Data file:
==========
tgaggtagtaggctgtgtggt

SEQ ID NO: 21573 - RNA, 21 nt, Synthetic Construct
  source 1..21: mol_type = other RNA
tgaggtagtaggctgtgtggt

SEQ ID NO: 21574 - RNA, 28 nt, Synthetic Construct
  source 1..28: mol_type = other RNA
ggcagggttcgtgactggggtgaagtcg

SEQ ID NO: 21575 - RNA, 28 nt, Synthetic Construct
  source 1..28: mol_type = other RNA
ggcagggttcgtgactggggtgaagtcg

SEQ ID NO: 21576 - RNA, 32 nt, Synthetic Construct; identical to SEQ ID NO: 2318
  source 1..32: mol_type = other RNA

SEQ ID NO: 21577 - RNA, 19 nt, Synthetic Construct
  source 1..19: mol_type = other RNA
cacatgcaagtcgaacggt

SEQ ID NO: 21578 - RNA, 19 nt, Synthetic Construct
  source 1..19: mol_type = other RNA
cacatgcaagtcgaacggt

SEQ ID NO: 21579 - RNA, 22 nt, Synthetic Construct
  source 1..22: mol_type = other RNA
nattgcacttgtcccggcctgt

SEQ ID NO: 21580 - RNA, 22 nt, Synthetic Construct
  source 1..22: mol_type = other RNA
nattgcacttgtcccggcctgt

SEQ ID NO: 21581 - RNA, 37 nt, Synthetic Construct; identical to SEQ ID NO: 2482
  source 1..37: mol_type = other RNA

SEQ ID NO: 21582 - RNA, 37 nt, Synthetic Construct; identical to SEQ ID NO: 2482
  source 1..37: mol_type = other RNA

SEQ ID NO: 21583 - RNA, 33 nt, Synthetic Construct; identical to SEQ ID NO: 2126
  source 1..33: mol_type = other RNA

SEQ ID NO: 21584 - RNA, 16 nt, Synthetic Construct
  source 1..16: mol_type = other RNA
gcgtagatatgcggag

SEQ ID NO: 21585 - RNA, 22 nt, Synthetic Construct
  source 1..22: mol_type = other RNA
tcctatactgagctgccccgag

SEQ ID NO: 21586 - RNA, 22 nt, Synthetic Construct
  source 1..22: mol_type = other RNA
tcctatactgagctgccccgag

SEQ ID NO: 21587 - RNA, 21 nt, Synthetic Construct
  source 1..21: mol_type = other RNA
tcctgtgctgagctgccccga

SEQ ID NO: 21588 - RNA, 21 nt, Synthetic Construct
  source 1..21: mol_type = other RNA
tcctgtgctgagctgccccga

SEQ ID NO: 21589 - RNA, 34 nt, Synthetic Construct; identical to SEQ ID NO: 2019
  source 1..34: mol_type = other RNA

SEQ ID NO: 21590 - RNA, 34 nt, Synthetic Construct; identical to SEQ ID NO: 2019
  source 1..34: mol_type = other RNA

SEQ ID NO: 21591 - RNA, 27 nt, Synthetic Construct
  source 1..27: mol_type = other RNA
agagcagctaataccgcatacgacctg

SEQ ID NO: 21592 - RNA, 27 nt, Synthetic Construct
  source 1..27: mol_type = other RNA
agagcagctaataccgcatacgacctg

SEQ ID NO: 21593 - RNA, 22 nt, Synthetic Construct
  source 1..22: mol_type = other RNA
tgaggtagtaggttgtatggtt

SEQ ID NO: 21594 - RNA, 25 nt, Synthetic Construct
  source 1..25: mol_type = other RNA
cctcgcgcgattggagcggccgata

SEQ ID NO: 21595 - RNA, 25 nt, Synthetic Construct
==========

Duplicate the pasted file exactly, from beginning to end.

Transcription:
tgaggtagtaggctgtgtggt

SEQ ID NO: 21573 - RNA, 21 nt, Synthetic Construct
  source 1..21: mol_type = other RNA
tgaggtagtaggctgtgtggt

SEQ ID NO: 21574 - RNA, 28 nt, Synthetic Construct
  source 1..28: mol_type = other RNA
ggcagggttcgtgactggggtgaagtcg

SEQ ID NO: 21575 - RNA, 28 nt, Synthetic Construct
  source 1..28: mol_type = other RNA
ggcagggttcgtgactggggtgaagtcg

SEQ ID NO: 21576 - RNA, 32 nt, Synthetic Construct; identical to SEQ ID NO: 2318
  source 1..32: mol_type = other RNA

SEQ ID NO: 21577 - RNA, 19 nt, Synthetic Construct
  source 1..19: mol_type = other RNA
cacatgcaagtcgaacggt

SEQ ID NO: 21578 - RNA, 19 nt, Synthetic Construct
  source 1..19: mol_type = other RNA
cacatgcaagtcgaacggt

SEQ ID NO: 21579 - RNA, 22 nt, Synthetic Construct
  source 1..22: mol_type = other RNA
nattgcacttgtcccggcctgt

SEQ ID NO: 21580 - RNA, 22 nt, Synthetic Construct
  source 1..22: mol_type = other RNA
nattgcacttgtcccggcctgt

SEQ ID NO: 21581 - RNA, 37 nt, Synthetic Construct; identical to SEQ ID NO: 2482
  source 1..37: mol_type = other RNA

SEQ ID NO: 21582 - RNA, 37 nt, Synthetic Construct; identical to SEQ ID NO: 2482
  source 1..37: mol_type = other RNA

SEQ ID NO: 21583 - RNA, 33 nt, Synthetic Construct; identical to SEQ ID NO: 2126
  source 1..33: mol_type = other RNA

SEQ ID NO: 21584 - RNA, 16 nt, Synthetic Construct
  source 1..16: mol_type = other RNA
gcgtagatatgcggag

SEQ ID NO: 21585 - RNA, 22 nt, Synthetic Construct
  source 1..22: mol_type = other RNA
tcctatactgagctgccccgag

SEQ ID NO: 21586 - RNA, 22 nt, Synthetic Construct
  source 1..22: mol_type = other RNA
tcctatactgagctgccccgag

SEQ ID NO: 21587 - RNA, 21 nt, Synthetic Construct
  source 1..21: mol_type = other RNA
tcctgtgctgagctgccccga

SEQ ID NO: 21588 - RNA, 21 nt, Synthetic Construct
  source 1..21: mol_type = other RNA
tcctgtgctgagctgccccga

SEQ ID NO: 21589 - RNA, 34 nt, Synthetic Construct; identical to SEQ ID NO: 2019
  source 1..34: mol_type = other RNA

SEQ ID NO: 21590 - RNA, 34 nt, Synthetic Construct; identical to SEQ ID NO: 2019
  source 1..34: mol_type = other RNA

SEQ ID NO: 21591 - RNA, 27 nt, Synthetic Construct
  source 1..27: mol_type = other RNA
agagcagctaataccgcatacgacctg

SEQ ID NO: 21592 - RNA, 27 nt, Synthetic Construct
  source 1..27: mol_type = other RNA
agagcagctaataccgcatacgacctg

SEQ ID NO: 21593 - RNA, 22 nt, Synthetic Construct
  source 1..22: mol_type = other RNA
tgaggtagtaggttgtatggtt

SEQ ID NO: 21594 - RNA, 25 nt, Synthetic Construct
  source 1..25: mol_type = other RNA
cctcgcgcgattggagcggccgata

SEQ ID NO: 21595 - RNA, 25 nt, Synthetic Construct